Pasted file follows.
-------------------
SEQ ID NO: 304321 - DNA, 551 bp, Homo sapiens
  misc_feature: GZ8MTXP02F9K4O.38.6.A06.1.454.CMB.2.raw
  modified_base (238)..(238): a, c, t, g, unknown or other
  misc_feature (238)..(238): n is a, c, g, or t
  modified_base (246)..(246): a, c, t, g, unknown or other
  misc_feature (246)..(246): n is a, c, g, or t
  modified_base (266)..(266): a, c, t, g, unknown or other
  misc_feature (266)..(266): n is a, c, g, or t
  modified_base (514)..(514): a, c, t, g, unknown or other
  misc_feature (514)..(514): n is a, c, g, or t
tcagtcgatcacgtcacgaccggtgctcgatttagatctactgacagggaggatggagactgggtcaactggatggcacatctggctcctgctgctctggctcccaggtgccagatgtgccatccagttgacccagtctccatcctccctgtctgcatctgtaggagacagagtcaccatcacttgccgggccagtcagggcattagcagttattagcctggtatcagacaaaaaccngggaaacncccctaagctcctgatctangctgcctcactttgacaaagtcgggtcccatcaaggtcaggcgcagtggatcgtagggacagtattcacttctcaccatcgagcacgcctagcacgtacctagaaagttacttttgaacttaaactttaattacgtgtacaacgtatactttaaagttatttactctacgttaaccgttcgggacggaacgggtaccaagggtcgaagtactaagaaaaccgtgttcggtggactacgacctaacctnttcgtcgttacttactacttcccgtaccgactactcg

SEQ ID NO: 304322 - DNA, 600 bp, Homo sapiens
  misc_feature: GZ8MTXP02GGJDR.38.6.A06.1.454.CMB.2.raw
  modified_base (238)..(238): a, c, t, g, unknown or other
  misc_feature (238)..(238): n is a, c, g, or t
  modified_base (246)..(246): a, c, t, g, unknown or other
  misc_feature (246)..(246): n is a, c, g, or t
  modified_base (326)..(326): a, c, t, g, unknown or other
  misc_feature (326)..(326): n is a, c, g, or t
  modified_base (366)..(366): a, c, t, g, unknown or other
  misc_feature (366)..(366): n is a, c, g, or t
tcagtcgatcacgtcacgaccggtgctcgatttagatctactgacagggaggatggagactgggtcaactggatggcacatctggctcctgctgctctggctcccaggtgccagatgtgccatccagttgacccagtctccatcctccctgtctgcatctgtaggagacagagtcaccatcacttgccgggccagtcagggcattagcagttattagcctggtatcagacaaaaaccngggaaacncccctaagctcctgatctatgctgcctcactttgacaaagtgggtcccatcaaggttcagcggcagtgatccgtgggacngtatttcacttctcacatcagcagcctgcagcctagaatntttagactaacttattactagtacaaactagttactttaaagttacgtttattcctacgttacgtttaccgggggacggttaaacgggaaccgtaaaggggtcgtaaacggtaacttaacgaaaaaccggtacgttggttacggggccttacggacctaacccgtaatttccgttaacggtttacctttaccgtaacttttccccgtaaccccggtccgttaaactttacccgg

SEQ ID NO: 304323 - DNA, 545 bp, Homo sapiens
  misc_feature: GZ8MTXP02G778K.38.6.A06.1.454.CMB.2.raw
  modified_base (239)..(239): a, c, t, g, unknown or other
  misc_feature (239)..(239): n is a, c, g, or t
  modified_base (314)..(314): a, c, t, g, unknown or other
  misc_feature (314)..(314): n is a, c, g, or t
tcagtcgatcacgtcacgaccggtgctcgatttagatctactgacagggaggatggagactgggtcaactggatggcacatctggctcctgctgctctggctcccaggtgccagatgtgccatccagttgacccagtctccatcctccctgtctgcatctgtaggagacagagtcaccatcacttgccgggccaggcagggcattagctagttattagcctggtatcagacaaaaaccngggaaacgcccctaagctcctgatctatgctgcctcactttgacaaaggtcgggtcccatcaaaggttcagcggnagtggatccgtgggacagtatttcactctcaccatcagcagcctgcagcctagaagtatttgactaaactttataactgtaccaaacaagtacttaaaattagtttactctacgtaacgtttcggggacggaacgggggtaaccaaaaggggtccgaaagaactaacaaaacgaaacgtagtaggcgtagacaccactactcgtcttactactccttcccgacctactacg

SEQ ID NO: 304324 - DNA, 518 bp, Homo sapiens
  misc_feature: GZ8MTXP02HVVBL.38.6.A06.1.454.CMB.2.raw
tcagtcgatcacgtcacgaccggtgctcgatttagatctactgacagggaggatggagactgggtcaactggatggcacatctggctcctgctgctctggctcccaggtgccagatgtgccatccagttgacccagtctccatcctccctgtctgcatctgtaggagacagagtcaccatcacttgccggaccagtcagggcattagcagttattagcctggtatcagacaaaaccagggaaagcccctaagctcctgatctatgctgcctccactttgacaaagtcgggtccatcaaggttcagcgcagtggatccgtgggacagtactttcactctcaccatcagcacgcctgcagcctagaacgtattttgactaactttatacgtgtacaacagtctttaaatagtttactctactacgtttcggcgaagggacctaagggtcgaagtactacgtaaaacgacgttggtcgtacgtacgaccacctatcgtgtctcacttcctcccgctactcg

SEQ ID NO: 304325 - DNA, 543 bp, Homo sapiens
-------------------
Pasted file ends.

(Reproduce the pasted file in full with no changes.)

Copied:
SEQ ID NO: 304321 - DNA, 551 bp, Homo sapiens
  misc_feature: GZ8MTXP02F9K4O.38.6.A06.1.454.CMB.2.raw
  modified_base (238)..(238): a, c, t, g, unknown or other
  misc_feature (238)..(238): n is a, c, g, or t
  modified_base (246)..(246): a, c, t, g, unknown or other
  misc_feature (246)..(246): n is a, c, g, or t
  modified_base (266)..(266): a, c, t, g, unknown or other
  misc_feature (266)..(266): n is a, c, g, or t
  modified_base (514)..(514): a, c, t, g, unknown or other
  misc_feature (514)..(514): n is a, c, g, or t
tcagtcgatcacgtcacgaccggtgctcgatttagatctactgacagggaggatggagactgggtcaactggatggcacatctggctcctgctgctctggctcccaggtgccagatgtgccatccagttgacccagtctccatcctccctgtctgcatctgtaggagacagagtcaccatcacttgccgggccagtcagggcattagcagttattagcctggtatcagacaaaaaccngggaaacncccctaagctcctgatctangctgcctcactttgacaaagtcgggtcccatcaaggtcaggcgcagtggatcgtagggacagtattcacttctcaccatcgagcacgcctagcacgtacctagaaagttacttttgaacttaaactttaattacgtgtacaacgtatactttaaagttatttactctacgttaaccgttcgggacggaacgggtaccaagggtcgaagtactaagaaaaccgtgttcggtggactacgacctaacctnttcgtcgttacttactacttcccgtaccgactactcg

SEQ ID NO: 304322 - DNA, 600 bp, Homo sapiens
  misc_feature: GZ8MTXP02GGJDR.38.6.A06.1.454.CMB.2.raw
  modified_base (238)..(238): a, c, t, g, unknown or other
  misc_feature (238)..(238): n is a, c, g, or t
  modified_base (246)..(246): a, c, t, g, unknown or other
  misc_feature (246)..(246): n is a, c, g, or t
  modified_base (326)..(326): a, c, t, g, unknown or other
  misc_feature (326)..(326): n is a, c, g, or t
  modified_base (366)..(366): a, c, t, g, unknown or other
  misc_feature (366)..(366): n is a, c, g, or t
tcagtcgatcacgtcacgaccggtgctcgatttagatctactgacagggaggatggagactgggtcaactggatggcacatctggctcctgctgctctggctcccaggtgccagatgtgccatccagttgacccagtctccatcctccctgtctgcatctgtaggagacagagtcaccatcacttgccgggccagtcagggcattagcagttattagcctggtatcagacaaaaaccngggaaacncccctaagctcctgatctatgctgcctcactttgacaaagtgggtcccatcaaggttcagcggcagtgatccgtgggacngtatttcacttctcacatcagcagcctgcagcctagaatntttagactaacttattactagtacaaactagttactttaaagttacgtttattcctacgttacgtttaccgggggacggttaaacgggaaccgtaaaggggtcgtaaacggtaacttaacgaaaaaccggtacgttggttacggggccttacggacctaacccgtaatttccgttaacggtttacctttaccgtaacttttccccgtaaccccggtccgttaaactttacccgg

SEQ ID NO: 304323 - DNA, 545 bp, Homo sapiens
  misc_feature: GZ8MTXP02G778K.38.6.A06.1.454.CMB.2.raw
  modified_base (239)..(239): a, c, t, g, unknown or other
  misc_feature (239)..(239): n is a, c, g, or t
  modified_base (314)..(314): a, c, t, g, unknown or other
  misc_feature (314)..(314): n is a, c, g, or t
tcagtcgatcacgtcacgaccggtgctcgatttagatctactgacagggaggatggagactgggtcaactggatggcacatctggctcctgctgctctggctcccaggtgccagatgtgccatccagttgacccagtctccatcctccctgtctgcatctgtaggagacagagtcaccatcacttgccgggccaggcagggcattagctagttattagcctggtatcagacaaaaaccngggaaacgcccctaagctcctgatctatgctgcctcactttgacaaaggtcgggtcccatcaaaggttcagcggnagtggatccgtgggacagtatttcactctcaccatcagcagcctgcagcctagaagtatttgactaaactttataactgtaccaaacaagtacttaaaattagtttactctacgtaacgtttcggggacggaacgggggtaaccaaaaggggtccgaaagaactaacaaaacgaaacgtagtaggcgtagacaccactactcgtcttactactccttcccgacctactacg

SEQ ID NO: 304324 - DNA, 518 bp, Homo sapiens
  misc_feature: GZ8MTXP02HVVBL.38.6.A06.1.454.CMB.2.raw
tcagtcgatcacgtcacgaccggtgctcgatttagatctactgacagggaggatggagactgggtcaactggatggcacatctggctcctgctgctctggctcccaggtgccagatgtgccatccagttgacccagtctccatcctccctgtctgcatctgtaggagacagagtcaccatcacttgccggaccagtcagggcattagcagttattagcctggtatcagacaaaaccagggaaagcccctaagctcctgatctatgctgcctccactttgacaaagtcgggtccatcaaggttcagcgcagtggatccgtgggacagtactttcactctcaccatcagcacgcctgcagcctagaacgtattttgactaactttatacgtgtacaacagtctttaaatagtttactctactacgtttcggcgaagggacctaagggtcgaagtactacgtaaaacgacgttggtcgtacgtacgaccacctatcgtgtctcacttcctcccgctactcg

SEQ ID NO: 304325 - DNA, 543 bp, Homo sapiens